Dollar bulls have reason to be wary of the currency’s Friday rally on stronger-than-forecast U.S. labor data.
The jobs report bolstered the case for a December interest-rate increase by the Federal Reserve and propelled a broad gauge of the greenback past this year’s previous high. Yet the last time the dollar was this strong, the central bank flagged it as a burden on exporters and a damper of inflation, driving the currency down by the most since 2009.
The March experience is raising red flags for investors and strategists. A surging dollar may lead Fed officials to warn that currency moves will limit rate increases in 2016, even if they boost their benchmark next month from near zero, where it’s been since 2008.
“It’s going to be really hard for them to hike rates aggressively,” said Brendan Murphy, a senior portfolio manager at Standish Mellon Asset Management Co., who oversees $19 billion of fixed-income assets in Boston. Once the Fed lifts rates, “you may be nearing the end of this broader move we’ve seen in the dollar.”
Murphy says he’s betting on the greenback versus the euro and currencies from commodity exporting nations, but he’s trimmed positions since the start of the year.
The dollar appreciated to its strongest level since April versus the euro and its highest in more than two months versus the yen after a Labor Department report showed U.S. employers added 271,000 workers in October, the most this year.
The U.S. currency rose 0.2 percent to 123.37 yen as of 11:35 a.m. in Tokyo on Monday and was at $1.0749 per euro. The Bloomberg Dollar Spot Index was little changed after climbing on Friday to its highest level in data going back to December 2004.
Futures traders boosted expectations for a December rate increase to 68 percent, from 56 percent before the labor report, data compiled by Bloomberg show. The calculation assumes the effective fed funds rate averages 0.375 percent after liftoff.
The Fed is assessing progress toward its employment and inflation objectives as it considers whether to raise rates in December. But officials are also keeping an eye on the dollar.
Central bankers noted in minutes from their September meeting that the dollar has “strongly appreciated” against emerging-market counterparts and climbed versus currencies of commodity exporters and the U.S.’s main trading partners. They expressed concern that this could delay or diminish price gains.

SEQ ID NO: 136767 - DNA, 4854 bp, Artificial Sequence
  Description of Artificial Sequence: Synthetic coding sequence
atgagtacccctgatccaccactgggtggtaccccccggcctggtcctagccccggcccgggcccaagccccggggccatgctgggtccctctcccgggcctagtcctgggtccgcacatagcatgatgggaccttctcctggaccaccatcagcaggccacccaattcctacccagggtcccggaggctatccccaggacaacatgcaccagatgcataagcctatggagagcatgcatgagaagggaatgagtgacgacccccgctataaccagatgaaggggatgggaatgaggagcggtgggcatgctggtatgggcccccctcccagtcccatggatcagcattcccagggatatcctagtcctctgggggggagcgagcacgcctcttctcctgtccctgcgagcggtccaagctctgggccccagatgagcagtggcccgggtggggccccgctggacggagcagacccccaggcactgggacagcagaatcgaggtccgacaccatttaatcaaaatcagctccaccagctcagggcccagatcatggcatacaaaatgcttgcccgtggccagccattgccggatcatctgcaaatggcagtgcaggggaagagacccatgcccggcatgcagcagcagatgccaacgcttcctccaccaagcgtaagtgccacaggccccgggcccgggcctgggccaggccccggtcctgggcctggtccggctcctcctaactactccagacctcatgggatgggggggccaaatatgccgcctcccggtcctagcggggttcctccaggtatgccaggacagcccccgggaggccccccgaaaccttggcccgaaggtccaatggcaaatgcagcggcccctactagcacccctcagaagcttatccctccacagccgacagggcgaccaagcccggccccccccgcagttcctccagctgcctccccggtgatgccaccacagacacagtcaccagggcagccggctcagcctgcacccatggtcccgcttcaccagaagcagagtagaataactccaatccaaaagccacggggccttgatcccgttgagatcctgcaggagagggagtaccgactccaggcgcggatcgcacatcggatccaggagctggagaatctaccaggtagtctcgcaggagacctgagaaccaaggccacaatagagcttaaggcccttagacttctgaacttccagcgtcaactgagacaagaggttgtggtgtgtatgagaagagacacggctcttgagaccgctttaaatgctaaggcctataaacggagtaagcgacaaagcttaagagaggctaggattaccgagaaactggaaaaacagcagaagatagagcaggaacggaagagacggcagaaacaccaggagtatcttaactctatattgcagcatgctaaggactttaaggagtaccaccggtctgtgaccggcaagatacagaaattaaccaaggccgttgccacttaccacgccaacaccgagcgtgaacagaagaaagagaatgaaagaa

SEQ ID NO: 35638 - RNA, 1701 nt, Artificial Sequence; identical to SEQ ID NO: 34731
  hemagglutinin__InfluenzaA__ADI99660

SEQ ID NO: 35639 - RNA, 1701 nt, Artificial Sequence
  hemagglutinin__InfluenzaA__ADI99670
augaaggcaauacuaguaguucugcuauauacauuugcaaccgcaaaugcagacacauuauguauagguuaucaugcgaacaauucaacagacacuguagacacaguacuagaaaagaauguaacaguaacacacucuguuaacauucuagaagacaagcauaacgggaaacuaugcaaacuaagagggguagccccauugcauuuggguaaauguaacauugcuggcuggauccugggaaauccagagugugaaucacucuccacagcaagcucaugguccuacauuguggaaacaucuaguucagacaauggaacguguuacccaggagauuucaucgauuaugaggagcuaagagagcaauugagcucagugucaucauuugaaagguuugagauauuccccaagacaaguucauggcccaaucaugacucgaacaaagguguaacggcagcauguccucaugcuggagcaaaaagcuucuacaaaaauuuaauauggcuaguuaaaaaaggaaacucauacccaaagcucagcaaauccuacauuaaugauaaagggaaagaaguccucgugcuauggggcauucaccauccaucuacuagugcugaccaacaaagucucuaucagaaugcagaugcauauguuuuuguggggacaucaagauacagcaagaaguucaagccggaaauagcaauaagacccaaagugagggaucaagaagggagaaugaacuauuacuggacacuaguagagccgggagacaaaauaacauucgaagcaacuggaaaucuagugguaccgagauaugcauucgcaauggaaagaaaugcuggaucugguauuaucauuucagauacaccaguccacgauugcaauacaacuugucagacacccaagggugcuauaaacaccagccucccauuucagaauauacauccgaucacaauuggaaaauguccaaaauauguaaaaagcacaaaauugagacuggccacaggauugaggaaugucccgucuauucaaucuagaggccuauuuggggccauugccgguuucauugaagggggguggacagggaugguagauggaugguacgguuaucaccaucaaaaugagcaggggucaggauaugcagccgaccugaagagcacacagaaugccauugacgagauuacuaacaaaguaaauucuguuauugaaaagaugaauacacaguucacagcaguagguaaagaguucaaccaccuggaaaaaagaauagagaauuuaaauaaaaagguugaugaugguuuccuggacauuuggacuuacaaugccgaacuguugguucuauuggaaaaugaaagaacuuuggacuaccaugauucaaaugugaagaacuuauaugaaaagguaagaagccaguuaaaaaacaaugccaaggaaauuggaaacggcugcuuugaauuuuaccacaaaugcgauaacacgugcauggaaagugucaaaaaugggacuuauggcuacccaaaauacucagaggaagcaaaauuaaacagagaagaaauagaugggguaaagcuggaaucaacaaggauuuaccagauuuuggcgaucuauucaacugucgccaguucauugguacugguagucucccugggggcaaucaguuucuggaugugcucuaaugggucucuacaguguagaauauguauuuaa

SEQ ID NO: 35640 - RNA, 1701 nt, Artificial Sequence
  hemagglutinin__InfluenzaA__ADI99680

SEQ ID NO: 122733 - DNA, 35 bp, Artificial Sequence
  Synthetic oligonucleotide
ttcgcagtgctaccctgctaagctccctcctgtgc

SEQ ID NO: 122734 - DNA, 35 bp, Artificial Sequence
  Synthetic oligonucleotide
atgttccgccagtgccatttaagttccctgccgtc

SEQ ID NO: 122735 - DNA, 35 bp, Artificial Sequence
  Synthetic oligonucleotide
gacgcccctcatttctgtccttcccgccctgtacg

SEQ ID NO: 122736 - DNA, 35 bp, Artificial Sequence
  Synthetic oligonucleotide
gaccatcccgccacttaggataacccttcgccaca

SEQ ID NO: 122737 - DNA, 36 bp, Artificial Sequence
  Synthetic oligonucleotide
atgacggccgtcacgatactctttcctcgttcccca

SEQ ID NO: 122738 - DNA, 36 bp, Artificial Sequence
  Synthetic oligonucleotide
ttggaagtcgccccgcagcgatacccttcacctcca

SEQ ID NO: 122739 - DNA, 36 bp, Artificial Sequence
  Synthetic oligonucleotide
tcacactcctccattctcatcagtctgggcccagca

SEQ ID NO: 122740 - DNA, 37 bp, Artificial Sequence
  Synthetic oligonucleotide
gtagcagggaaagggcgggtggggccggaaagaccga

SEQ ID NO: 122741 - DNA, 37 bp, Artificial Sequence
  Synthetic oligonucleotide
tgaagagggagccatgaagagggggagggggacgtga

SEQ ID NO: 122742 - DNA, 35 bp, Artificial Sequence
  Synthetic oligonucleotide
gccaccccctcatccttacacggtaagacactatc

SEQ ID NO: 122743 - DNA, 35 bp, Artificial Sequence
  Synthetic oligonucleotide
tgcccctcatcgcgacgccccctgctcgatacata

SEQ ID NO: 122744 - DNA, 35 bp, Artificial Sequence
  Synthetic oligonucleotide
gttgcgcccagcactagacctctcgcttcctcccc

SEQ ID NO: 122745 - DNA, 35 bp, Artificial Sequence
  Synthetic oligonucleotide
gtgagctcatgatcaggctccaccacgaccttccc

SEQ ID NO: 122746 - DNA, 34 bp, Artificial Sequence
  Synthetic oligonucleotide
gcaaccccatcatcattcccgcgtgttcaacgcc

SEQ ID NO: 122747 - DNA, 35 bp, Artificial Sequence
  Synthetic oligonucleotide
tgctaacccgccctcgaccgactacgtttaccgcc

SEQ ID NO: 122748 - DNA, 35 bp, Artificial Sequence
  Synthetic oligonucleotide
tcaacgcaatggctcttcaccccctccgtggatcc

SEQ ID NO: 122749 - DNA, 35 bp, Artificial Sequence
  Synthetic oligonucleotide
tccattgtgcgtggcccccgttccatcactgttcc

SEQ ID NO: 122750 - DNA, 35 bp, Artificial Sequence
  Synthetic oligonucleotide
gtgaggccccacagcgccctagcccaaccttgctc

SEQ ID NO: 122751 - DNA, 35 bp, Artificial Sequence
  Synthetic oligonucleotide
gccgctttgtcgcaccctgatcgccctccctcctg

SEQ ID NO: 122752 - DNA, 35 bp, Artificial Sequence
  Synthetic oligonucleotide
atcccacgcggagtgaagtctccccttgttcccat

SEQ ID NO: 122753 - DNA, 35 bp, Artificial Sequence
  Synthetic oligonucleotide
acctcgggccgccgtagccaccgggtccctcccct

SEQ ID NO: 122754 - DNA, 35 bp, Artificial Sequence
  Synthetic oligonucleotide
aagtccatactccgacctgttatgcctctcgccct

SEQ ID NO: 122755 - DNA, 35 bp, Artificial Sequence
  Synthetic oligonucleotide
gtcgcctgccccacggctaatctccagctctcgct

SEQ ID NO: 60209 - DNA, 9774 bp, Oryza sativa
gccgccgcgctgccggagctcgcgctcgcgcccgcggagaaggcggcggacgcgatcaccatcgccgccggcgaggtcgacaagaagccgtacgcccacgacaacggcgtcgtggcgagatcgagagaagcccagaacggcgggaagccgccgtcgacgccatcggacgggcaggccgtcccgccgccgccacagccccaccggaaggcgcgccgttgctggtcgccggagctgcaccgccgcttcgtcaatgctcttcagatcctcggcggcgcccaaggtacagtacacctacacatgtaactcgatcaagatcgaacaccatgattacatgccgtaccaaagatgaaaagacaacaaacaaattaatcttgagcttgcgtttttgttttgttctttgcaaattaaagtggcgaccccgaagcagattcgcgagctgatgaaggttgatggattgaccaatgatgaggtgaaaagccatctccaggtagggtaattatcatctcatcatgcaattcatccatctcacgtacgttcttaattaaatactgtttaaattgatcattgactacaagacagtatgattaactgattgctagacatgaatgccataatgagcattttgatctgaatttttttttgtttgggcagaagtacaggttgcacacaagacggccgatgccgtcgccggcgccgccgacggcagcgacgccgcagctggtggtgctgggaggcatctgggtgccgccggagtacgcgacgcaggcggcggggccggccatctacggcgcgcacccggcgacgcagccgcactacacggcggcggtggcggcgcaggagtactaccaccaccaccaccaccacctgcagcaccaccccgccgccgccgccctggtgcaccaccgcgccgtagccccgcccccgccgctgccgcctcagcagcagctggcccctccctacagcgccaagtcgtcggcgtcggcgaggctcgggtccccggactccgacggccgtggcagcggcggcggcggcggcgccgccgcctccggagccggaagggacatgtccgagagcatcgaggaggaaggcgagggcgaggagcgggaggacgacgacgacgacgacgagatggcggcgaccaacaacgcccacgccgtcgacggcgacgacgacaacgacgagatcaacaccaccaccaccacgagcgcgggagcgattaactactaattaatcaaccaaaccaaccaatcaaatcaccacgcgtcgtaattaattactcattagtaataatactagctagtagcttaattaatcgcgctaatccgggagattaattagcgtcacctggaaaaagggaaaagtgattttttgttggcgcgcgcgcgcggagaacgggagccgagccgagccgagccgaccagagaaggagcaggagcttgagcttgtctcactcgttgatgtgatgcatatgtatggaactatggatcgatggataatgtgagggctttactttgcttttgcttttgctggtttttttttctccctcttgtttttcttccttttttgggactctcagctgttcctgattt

“The dollar is a big factor for the Fed,” said Kathy Jones, chief fixed-income strategist at Charles Schwab & Co. in New York. “If the dollar moves higher as a result of Fed tightening, which is what we expect, then I think it reinforces the message that this will be a ‘slow and low’ cycle.”
Jones still sees the dollar rallying an additional 5-10 percent in the next year on a trade-weighted basis.
The dollar has already surpassed most analysts’ predictions for its appreciation.
Against the euro, it’s exceeded the median of more than 60 year-end forecasts compiled by Bloomberg. The U.S. currency is expected to fall versus four of its 16 major counterparts by the end of March, including the British pound.
Christoph Kind, head of asset allocation at Frankfurt Trust, which manages about $20 billion, foresees the greenback climbing toward parity with the euro in the first quarter if the Fed lifts rates in December. But he sees limits to the strength.
“I’m bullish on the U.S. dollar, but if the dollar gets too strong I would cut back on my position,” he said. “It will take some time until we see parity, maybe next year, but then a level is reached where the Fed will signal they are not going to hike aggressively. That makes this appreciation unsustainable.”
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